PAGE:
For for those who want to make a go of it, you need every movement in your favor. If you know that you’d like to make a living, or a little better or worse, in music, a sweeping assessment of your assets and liabilities should be drawn up. In business, that might be something like the value of the instruments in the music store, the goodwill of the name, the pupils who are taught music there, etc. and what the expenses are to run the store: employees, heat, internet etc.
In the life of an artist, it’s your art that you are selling, combined with your appearance, how you present your assets and liabilities, such as being possibly charismatically challenged, etc. And again I stress, unless you have a trust fund or something similar, you want and deserve to barter the happiness (or doom…whatever you’re in to!) you bring through your art for money.
WHO doesn’t want to be heard?
Here is a brief illustration of why your material is potentially an interest-bearing investment and why you should protect it…and what happens when someone is enormously successful beyond most of our dreams from writing songs.
About 10 years ago Steven Tyler sold his publishing rights in bulk, reported to be for somewhere around $50 million. This was for everything he’d written or co-written since their resurrection in the mid-80’s. Conspicuously absent were the earlier songs from the Leber-Krebs/Columbia Records-era like Sweet Emotion and Dream On, which were the “partnership” property of entities other than the band, who had co-owned them since they were recorded and released.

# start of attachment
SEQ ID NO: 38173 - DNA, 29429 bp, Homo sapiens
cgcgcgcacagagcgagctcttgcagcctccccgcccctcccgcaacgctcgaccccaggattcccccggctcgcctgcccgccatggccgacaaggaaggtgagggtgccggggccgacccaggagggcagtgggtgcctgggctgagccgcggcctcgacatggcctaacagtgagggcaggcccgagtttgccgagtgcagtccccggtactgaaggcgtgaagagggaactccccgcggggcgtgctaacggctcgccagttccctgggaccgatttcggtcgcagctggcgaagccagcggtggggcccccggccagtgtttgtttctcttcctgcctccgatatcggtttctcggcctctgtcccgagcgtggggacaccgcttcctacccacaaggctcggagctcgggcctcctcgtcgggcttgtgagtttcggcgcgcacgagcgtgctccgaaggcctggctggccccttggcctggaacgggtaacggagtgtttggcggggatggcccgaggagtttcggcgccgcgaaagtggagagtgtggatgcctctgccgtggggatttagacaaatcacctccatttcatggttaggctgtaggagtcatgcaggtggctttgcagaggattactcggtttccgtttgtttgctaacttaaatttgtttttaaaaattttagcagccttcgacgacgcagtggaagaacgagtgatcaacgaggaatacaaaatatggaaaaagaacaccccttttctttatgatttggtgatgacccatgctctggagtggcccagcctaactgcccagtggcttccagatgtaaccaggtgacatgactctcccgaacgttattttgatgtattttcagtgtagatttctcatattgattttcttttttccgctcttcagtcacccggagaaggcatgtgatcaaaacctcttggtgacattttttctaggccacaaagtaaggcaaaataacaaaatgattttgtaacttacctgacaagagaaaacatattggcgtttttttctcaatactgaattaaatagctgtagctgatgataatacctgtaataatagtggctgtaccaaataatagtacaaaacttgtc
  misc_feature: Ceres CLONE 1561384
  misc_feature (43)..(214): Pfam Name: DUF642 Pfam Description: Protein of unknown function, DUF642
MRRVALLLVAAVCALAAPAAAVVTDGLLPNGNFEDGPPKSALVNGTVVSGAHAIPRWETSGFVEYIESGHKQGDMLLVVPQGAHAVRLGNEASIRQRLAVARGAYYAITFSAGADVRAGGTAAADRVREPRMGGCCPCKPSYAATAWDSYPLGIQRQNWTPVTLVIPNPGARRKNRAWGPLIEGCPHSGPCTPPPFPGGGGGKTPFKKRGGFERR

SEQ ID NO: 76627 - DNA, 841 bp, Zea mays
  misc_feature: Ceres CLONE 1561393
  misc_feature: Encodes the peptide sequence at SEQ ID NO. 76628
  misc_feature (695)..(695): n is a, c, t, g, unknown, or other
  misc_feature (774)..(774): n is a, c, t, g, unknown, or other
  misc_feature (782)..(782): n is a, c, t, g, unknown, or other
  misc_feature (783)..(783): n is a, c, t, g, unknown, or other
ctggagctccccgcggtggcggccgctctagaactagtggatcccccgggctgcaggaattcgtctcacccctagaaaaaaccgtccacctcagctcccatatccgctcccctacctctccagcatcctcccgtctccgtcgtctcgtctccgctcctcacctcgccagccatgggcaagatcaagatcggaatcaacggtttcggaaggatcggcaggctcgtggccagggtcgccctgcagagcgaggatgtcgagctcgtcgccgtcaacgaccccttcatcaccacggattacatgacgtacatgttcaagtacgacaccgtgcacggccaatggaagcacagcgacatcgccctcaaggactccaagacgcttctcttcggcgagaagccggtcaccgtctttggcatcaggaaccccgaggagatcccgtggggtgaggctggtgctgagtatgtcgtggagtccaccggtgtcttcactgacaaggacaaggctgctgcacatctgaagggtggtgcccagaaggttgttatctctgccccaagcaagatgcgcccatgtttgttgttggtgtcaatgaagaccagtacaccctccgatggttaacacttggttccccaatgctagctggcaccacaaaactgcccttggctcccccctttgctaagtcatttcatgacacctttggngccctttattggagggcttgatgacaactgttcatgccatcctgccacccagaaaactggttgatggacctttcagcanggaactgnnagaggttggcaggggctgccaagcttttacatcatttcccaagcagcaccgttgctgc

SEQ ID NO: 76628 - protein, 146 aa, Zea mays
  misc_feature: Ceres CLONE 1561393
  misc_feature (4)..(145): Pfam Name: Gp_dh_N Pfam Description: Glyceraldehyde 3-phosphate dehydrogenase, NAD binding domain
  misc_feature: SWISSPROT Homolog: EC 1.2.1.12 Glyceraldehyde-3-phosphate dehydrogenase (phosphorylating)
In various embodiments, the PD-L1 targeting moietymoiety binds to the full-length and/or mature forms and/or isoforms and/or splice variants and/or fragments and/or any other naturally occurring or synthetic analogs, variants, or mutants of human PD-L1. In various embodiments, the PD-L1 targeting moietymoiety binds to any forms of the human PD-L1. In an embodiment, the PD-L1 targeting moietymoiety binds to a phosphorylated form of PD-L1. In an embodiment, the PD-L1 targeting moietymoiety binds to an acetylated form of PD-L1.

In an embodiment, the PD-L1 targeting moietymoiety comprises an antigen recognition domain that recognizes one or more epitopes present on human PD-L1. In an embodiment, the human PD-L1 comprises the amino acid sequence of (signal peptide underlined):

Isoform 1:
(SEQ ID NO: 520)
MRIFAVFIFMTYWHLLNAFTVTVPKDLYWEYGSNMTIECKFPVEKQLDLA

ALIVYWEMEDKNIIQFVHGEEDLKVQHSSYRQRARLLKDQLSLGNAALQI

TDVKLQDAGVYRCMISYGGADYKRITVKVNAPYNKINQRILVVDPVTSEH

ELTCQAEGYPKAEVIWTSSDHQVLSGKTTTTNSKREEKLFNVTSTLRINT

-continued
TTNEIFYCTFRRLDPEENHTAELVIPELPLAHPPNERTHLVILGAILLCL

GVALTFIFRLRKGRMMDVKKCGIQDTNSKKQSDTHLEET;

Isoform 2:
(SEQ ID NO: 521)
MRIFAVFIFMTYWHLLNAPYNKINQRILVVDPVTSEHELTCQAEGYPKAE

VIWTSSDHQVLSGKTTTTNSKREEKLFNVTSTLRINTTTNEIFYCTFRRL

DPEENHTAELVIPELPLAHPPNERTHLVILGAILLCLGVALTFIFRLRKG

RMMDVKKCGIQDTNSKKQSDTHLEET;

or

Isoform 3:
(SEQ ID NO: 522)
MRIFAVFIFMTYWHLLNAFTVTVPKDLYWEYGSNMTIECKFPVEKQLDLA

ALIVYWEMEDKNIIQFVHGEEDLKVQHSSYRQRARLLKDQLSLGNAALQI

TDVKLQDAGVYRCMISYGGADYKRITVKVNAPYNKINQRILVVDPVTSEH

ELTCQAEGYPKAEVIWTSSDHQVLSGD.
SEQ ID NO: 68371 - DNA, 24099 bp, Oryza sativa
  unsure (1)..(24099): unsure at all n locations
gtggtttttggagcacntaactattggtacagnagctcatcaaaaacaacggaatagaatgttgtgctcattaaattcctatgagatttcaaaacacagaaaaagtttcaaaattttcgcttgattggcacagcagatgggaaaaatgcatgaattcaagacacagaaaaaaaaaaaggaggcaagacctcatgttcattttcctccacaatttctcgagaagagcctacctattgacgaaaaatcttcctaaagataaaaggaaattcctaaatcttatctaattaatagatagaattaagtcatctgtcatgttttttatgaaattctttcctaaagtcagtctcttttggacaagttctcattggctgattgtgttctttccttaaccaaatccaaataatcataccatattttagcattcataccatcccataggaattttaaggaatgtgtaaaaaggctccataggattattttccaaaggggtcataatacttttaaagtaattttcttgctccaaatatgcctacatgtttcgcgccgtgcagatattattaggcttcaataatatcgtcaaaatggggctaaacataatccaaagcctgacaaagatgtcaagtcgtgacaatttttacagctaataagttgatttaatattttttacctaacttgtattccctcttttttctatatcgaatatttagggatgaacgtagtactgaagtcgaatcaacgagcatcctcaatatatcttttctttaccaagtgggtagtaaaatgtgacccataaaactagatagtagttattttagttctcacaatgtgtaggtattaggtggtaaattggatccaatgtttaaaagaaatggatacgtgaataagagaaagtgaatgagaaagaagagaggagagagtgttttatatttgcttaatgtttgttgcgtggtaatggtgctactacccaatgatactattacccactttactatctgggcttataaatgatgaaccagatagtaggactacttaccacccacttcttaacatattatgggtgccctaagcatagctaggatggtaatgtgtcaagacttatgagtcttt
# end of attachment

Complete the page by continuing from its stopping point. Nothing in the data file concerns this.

Yes, Dream On. All the tunes, actually, on those records, that were not covers, were the co-property of people other than the songwriters in the band. I’m not speaking out of turn as all of this is quite public, but Aerosmith did not sign a record deal, per se. They signed a management deal with Leber and Krebs. In that management/production deal, among other details, L&B retained part of the publishing side of the band’s copyrights in perpetuity, something record companies used to do. Back in the “good ol’ days” at the dawn of rock and roll, plenty of people took it ALL. Anyway, Leber and Krebs essentially then signed the band to Columbia Records. They…the management…were for all intents, partners with Aerosmith, and in the contract got a 20 year catalog reversion on the master recordings, although that reversion was still back to a split between the band and LK. Someone (management, record company) usually took part or all of your publishing side (vs writer royalties). Very rarely did one get their catalog back.